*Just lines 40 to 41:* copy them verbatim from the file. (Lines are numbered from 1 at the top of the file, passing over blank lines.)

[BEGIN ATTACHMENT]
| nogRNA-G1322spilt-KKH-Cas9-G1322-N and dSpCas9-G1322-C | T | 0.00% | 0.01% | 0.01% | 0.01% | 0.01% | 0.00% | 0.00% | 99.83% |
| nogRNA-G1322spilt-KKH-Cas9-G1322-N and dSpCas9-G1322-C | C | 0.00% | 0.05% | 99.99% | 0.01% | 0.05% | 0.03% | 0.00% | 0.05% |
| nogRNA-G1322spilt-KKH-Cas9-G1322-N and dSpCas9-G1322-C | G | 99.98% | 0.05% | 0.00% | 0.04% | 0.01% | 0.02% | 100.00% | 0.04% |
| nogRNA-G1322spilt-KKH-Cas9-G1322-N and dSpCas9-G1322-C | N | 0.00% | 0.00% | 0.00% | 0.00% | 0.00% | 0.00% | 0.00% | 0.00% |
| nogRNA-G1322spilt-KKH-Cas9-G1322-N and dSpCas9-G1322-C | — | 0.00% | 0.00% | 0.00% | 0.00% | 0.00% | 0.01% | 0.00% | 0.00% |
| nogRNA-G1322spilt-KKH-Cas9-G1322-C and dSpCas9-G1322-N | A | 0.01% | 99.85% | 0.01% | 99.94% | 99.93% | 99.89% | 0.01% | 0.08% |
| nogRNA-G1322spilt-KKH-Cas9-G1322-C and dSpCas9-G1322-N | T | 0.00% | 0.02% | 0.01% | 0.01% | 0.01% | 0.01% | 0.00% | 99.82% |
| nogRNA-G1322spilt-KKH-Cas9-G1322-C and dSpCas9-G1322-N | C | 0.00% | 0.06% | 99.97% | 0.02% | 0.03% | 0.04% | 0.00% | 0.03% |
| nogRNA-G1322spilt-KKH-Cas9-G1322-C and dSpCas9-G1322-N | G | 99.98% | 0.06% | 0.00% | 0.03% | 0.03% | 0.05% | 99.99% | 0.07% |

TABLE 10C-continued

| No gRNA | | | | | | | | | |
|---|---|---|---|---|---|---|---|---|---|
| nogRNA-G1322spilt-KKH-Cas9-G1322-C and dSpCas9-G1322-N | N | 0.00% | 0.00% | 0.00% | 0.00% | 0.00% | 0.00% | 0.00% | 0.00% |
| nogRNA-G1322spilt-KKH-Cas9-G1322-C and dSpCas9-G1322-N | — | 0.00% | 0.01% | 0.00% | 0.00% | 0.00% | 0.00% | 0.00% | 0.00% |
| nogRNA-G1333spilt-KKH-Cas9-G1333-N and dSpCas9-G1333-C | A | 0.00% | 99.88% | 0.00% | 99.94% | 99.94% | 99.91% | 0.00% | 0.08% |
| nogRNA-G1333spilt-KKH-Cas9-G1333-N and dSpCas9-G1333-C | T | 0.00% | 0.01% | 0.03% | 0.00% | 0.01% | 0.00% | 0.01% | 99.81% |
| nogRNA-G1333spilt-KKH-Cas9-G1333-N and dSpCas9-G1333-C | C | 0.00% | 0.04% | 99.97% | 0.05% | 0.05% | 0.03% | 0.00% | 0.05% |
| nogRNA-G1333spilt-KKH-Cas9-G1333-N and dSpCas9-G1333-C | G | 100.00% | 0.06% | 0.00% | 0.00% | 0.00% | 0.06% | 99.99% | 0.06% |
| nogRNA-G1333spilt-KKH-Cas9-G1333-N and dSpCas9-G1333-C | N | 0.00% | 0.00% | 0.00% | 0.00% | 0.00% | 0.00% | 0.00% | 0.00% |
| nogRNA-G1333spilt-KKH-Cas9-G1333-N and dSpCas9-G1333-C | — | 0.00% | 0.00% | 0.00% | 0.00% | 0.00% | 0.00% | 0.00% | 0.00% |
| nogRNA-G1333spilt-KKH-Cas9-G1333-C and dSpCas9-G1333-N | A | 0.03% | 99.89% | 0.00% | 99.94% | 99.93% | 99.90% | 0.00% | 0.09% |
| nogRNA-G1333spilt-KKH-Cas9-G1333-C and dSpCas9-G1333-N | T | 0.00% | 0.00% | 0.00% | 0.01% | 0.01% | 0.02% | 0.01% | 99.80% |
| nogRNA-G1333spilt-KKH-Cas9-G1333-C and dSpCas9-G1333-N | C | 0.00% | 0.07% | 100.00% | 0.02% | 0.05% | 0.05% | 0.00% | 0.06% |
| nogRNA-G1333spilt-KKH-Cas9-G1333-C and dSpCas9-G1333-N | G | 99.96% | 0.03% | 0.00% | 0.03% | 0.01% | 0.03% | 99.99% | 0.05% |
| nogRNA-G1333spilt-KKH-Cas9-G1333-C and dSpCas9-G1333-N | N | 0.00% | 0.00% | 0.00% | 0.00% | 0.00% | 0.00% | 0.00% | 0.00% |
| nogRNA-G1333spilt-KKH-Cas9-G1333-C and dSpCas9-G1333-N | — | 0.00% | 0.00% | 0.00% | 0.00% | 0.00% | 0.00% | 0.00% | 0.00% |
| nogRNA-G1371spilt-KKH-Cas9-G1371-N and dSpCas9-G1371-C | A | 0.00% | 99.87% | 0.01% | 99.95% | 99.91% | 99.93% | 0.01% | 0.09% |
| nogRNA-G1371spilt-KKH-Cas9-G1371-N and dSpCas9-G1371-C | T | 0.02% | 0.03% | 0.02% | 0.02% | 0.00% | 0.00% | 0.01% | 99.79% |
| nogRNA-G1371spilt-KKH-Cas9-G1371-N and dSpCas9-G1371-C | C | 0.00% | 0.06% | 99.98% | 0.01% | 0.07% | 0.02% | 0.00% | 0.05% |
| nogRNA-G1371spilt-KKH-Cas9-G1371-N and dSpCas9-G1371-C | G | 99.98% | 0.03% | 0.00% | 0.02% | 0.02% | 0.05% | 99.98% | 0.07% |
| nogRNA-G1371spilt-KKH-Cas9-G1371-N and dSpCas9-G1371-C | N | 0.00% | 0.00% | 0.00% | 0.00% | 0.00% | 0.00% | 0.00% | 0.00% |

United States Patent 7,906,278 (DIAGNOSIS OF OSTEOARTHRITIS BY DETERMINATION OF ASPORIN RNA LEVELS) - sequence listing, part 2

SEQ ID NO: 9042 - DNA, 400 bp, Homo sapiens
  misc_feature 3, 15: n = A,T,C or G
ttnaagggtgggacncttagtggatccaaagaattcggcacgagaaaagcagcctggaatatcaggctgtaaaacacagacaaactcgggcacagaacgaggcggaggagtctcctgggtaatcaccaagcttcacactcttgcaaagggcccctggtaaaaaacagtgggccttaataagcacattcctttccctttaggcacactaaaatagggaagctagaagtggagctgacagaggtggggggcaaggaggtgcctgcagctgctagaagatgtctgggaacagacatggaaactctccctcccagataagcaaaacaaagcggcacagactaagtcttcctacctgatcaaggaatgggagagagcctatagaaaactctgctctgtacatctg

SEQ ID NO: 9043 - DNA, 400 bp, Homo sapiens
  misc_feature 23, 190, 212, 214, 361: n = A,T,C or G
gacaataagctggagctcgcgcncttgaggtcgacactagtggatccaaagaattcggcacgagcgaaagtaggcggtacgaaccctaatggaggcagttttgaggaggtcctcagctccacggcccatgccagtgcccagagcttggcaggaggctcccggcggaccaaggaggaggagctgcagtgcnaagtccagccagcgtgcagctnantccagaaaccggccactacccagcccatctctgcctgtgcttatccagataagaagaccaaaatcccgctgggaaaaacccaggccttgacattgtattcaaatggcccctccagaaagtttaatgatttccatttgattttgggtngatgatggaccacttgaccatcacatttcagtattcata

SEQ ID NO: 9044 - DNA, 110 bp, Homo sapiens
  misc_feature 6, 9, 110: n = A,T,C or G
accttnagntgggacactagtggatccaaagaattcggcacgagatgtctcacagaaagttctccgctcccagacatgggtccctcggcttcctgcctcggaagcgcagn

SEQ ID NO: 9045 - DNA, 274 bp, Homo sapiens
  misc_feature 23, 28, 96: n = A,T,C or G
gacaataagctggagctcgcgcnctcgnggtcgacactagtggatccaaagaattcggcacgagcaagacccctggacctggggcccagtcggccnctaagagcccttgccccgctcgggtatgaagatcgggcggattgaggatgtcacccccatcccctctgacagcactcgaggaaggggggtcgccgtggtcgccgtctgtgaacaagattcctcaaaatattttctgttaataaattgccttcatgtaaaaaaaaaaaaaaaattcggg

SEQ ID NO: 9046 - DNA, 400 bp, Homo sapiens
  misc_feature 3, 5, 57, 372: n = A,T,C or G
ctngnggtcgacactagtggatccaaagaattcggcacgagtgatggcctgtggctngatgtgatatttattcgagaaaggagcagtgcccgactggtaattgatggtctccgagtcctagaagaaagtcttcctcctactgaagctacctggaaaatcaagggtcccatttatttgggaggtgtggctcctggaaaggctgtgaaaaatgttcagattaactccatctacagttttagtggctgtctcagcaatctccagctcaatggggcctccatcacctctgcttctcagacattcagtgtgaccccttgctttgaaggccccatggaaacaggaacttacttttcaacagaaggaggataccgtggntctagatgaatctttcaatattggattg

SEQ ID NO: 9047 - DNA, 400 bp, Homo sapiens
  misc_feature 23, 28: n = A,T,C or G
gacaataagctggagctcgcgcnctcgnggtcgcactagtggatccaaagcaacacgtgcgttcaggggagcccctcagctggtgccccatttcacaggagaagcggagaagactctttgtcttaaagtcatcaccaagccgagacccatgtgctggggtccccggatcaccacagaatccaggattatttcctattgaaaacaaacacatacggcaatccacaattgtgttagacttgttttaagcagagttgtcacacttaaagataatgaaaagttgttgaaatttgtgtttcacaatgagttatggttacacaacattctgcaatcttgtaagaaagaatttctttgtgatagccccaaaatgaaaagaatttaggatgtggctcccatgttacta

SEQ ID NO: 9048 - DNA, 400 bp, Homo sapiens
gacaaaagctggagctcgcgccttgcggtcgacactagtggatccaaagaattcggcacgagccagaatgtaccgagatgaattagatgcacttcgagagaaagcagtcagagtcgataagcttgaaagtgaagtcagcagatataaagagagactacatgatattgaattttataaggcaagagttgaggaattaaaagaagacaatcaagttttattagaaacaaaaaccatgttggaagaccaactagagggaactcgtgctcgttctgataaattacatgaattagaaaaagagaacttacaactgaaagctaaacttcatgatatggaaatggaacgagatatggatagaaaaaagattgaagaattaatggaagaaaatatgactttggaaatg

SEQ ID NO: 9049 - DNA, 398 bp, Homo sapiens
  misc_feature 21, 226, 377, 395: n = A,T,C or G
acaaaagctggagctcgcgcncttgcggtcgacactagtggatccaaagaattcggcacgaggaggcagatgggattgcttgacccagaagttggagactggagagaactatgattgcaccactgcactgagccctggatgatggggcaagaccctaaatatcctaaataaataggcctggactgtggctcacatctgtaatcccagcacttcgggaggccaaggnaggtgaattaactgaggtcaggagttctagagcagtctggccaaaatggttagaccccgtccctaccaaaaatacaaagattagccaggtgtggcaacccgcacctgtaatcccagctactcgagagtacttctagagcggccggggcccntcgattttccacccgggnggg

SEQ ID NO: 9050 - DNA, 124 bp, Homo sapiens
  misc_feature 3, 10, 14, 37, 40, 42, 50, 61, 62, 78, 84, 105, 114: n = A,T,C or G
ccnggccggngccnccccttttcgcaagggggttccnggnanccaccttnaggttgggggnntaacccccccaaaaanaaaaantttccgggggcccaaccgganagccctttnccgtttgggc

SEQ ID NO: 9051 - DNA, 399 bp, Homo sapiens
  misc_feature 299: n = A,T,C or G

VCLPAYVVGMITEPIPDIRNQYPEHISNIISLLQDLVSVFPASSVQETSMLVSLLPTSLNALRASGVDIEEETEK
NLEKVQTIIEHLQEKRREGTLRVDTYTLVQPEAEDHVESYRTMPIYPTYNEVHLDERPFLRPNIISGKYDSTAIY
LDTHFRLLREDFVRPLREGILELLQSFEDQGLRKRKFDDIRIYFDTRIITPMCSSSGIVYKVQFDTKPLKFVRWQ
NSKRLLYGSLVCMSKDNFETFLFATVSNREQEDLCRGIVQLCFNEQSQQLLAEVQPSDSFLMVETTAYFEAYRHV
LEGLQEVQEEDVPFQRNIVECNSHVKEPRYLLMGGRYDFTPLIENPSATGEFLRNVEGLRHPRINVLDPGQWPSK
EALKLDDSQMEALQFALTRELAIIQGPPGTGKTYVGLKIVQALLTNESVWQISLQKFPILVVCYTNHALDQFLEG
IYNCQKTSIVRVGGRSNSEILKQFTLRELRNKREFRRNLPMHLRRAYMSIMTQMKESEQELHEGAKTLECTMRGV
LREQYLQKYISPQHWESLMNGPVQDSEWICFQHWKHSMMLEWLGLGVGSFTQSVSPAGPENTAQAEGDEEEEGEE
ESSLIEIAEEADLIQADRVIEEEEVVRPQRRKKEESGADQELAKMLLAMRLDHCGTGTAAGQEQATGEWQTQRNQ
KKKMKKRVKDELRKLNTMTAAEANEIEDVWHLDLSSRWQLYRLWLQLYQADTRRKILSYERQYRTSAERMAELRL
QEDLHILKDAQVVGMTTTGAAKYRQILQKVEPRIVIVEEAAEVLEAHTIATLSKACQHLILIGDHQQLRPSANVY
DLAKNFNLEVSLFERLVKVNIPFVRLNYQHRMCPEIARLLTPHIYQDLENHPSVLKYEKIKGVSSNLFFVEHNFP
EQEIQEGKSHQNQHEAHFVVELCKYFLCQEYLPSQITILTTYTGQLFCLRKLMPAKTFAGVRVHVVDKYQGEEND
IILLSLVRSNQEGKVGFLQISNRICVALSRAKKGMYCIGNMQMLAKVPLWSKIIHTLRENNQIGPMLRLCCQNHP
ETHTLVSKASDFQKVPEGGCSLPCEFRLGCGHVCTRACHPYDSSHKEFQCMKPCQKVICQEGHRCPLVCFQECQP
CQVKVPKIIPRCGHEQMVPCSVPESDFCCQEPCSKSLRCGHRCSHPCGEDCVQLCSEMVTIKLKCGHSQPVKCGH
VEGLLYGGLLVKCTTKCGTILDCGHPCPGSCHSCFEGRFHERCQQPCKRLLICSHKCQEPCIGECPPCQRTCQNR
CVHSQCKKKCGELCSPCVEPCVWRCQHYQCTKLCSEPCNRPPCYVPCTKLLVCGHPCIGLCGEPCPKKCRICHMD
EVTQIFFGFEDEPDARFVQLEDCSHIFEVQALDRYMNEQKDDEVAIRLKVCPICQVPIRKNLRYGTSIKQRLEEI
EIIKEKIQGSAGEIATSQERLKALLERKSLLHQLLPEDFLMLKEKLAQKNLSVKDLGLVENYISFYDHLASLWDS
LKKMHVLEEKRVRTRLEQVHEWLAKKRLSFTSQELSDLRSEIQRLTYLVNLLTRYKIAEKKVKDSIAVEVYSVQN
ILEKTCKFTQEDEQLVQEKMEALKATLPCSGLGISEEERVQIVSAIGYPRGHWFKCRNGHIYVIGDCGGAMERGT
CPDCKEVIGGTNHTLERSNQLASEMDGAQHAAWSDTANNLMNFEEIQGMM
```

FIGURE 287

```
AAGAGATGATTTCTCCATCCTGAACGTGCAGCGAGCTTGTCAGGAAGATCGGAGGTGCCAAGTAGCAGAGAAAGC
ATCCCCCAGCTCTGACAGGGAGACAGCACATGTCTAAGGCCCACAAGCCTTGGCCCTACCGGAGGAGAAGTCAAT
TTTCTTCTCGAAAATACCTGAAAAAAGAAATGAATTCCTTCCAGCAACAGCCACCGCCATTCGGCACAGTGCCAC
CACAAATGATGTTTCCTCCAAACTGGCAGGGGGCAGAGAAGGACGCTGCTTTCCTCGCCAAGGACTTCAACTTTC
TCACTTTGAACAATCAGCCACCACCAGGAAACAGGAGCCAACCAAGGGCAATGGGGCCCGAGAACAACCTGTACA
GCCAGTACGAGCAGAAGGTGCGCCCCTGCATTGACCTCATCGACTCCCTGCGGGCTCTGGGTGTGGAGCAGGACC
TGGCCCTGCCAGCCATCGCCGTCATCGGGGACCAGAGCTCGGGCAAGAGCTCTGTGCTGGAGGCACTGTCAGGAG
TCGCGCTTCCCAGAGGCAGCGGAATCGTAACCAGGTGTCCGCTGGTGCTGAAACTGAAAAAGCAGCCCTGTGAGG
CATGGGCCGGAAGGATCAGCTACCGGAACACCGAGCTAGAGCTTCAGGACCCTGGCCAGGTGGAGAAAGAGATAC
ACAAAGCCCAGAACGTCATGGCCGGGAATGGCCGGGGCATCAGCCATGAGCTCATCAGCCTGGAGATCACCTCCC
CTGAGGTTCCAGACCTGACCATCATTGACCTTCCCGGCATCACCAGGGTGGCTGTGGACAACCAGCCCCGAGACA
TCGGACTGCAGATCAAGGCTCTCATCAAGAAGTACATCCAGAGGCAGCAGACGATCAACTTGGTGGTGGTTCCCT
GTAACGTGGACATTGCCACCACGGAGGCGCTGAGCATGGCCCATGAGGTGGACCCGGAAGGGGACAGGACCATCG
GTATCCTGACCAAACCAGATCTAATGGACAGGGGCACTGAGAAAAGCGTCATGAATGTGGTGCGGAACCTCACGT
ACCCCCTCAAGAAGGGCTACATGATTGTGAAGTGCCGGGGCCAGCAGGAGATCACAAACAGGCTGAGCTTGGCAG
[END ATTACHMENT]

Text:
  misc_feature 6, 9, 110: n = A,T,C or G
accttnagntgggacactagtggatccaaagaattcggcacgagatgtctcacagaaagttctccgctcccagacatgggtccctcggcttcctgcctcggaagcgcagn